What are your web design skills really worth? Part 2

May 30, 2018

Hello Inside Design followers: This is part 2 of our article on what your web design skills are really worth.  We get many calls asking our opinion on whether a new entrepreneur should consider a career in web design.  Most are only interested in how much they can earn per client.  After being in the business for over 16 years we have run the gambit for the right and wrong ways to run a successful web design business.
We were very lucky in the beginning to team up with Stephan Barrett, a great web designer in his own right and with his design skills and our programming knowledge we began to accept new clients.

The importance of a team-building approach:

Over the years Stephan has gone on to expand his own company and we are still strategic partners to this day.  We have several people in our satellite office here in Apopka and our partner at Rise.net at our office downtown Orlando is accepting clients looking for web apps, custom programming and the works.  As new bells and whistles become available our teams of designers and programmers are tasked with learning the newer programming without delay.
Learning these new skills as they are available is the one thing that has kept us all afloat. Those web design firms who have no strategic partners available to provide the more advanced techniques quickly find themselves out of business.  We also have several graphic designers on-staff and independent contractors available to call upon as we need them.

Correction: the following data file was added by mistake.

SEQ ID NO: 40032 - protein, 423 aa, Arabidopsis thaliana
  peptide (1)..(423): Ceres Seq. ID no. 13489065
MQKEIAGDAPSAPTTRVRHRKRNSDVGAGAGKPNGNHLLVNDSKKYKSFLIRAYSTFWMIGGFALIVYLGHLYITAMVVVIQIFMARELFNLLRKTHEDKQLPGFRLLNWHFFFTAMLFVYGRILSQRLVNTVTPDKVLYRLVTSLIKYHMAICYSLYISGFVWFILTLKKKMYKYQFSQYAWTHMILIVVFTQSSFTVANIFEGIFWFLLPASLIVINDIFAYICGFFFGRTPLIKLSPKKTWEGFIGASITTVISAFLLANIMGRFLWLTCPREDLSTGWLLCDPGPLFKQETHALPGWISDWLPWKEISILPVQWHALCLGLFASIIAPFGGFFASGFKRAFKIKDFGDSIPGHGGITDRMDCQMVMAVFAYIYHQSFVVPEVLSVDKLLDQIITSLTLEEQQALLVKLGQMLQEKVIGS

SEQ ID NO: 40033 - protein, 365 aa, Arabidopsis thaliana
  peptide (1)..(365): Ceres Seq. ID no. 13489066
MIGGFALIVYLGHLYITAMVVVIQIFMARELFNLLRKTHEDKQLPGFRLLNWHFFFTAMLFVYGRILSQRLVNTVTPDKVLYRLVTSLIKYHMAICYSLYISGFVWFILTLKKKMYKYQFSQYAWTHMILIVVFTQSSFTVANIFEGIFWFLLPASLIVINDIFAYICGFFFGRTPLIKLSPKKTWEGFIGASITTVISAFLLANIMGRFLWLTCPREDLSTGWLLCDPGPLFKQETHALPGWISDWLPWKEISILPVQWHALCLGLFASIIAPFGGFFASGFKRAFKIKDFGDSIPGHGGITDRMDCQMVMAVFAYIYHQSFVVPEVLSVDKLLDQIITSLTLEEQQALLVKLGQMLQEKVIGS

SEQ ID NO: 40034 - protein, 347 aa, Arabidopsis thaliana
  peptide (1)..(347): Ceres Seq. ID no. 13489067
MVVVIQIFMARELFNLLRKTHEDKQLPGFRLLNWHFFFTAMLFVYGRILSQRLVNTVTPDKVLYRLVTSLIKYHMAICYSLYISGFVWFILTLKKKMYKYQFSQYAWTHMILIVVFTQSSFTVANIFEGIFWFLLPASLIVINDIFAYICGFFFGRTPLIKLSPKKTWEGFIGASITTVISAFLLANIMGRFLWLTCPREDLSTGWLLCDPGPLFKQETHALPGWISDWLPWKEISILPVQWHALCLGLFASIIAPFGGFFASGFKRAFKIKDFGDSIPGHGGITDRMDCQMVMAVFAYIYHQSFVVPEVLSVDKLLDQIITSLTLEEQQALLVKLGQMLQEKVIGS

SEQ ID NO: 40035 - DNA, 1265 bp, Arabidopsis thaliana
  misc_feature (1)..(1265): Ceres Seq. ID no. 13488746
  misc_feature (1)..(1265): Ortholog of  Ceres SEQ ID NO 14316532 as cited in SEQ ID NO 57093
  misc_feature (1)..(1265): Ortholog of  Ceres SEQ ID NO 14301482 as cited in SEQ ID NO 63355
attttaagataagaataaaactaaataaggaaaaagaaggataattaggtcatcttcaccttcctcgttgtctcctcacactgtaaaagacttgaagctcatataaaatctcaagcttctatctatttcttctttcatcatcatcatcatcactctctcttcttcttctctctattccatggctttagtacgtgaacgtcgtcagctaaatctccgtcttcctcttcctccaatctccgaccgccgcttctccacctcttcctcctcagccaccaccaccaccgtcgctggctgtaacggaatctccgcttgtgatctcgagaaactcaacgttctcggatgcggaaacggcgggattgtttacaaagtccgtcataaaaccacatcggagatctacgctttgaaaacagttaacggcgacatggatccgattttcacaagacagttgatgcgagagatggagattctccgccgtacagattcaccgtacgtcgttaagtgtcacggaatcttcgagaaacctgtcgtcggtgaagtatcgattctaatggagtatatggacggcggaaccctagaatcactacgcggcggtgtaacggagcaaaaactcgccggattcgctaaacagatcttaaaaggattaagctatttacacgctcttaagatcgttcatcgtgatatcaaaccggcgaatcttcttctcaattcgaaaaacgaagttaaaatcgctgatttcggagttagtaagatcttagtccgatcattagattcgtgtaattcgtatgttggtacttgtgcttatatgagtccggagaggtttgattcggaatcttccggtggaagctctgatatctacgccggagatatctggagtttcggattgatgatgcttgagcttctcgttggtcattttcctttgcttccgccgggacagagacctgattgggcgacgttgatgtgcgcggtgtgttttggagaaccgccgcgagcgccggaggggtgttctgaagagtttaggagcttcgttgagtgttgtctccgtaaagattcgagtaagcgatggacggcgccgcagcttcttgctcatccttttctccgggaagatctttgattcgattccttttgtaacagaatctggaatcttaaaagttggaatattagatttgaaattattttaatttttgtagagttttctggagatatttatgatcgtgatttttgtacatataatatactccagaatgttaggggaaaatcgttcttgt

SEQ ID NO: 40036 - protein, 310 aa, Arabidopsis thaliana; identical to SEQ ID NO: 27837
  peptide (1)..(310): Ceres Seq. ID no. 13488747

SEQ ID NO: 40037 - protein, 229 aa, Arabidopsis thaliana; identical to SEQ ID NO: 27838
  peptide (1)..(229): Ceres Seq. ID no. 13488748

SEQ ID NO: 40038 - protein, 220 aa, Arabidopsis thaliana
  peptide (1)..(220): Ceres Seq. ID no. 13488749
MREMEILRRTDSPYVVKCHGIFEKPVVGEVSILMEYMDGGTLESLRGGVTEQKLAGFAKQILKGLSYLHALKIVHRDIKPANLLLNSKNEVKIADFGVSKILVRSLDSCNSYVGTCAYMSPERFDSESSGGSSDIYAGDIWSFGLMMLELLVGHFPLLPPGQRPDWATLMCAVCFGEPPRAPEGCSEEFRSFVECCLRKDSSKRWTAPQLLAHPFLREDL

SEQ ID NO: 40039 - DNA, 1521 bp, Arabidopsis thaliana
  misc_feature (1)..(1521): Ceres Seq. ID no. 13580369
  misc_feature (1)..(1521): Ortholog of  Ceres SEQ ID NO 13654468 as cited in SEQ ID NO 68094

What it takes to attract new clients:

It goes without saying that anyone considering this field will be in a constant phase of learning new technology.  If you are not able to spend the time it takes to learn new techniques then you will not be sought after in our industry.  Web design today requires more than downloading a template, it requires a great deal of preparation, programming skills and many hours of ongoing education to stay current with sophisticated design changes popular today. There are online tutorials and a plethora of educational avenues to keep you in the know!

Additional work from existing clients and re-design requests:

Your goal as a new entrepreneur is not just to design a site for a client, but to keep that client returning for reciprocal work. You will then be able to eventually re-design the site using new technology as it is introduced. if the first site you build for a client is amazing and if they are happy and excited about the finished product, you are on the right path. This same client will be asking for changes periodically and will choose you again when the time comes for a re-design. This extra work is the lifeblood of our industry. One and done will not make you brand leader.

Building your brand to stand out in the crowd of competitors: